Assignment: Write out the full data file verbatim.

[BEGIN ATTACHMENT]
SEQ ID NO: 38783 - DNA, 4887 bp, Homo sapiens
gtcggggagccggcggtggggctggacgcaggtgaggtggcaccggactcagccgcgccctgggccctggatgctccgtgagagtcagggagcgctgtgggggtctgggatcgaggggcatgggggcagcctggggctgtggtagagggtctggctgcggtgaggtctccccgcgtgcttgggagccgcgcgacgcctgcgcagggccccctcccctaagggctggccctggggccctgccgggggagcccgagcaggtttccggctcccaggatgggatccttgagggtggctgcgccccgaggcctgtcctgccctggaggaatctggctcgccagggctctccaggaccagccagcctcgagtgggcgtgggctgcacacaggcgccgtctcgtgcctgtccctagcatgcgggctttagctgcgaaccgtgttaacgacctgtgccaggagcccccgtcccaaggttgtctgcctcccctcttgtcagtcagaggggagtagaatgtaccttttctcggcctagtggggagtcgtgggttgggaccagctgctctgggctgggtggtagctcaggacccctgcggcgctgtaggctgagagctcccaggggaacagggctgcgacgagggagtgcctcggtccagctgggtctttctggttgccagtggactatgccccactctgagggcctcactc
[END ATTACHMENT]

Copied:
SEQ ID NO: 38783 - DNA, 4887 bp, Homo sapiens
gtcggggagccggcggtggggctggacgcaggtgaggtggcaccggactcagccgcgccctgggccctggatgctccgtgagagtcagggagcgctgtgggggtctgggatcgaggggcatgggggcagcctggggctgtggtagagggtctggctgcggtgaggtctccccgcgtgcttgggagccgcgcgacgcctgcgcagggccccctcccctaagggctggccctggggccctgccgggggagcccgagcaggtttccggctcccaggatgggatccttgagggtggctgcgccccgaggcctgtcctgccctggaggaatctggctcgccagggctctccaggaccagccagcctcgagtgggcgtgggctgcacacaggcgccgtctcgtgcctgtccctagcatgcgggctttagctgcgaaccgtgttaacgacctgtgccaggagcccccgtcccaaggttgtctgcctcccctcttgtcagtcagaggggagtagaatgtaccttttctcggcctagtggggagtcgtgggttgggaccagctgctctgggctgggtggtagctcaggacccctgcggcgctgtaggctgagagctcccaggggaacagggctgcgacgagggagtgcctcggtccagctgggtctttctggttgccagtggactatgccccactctgagggcctcactc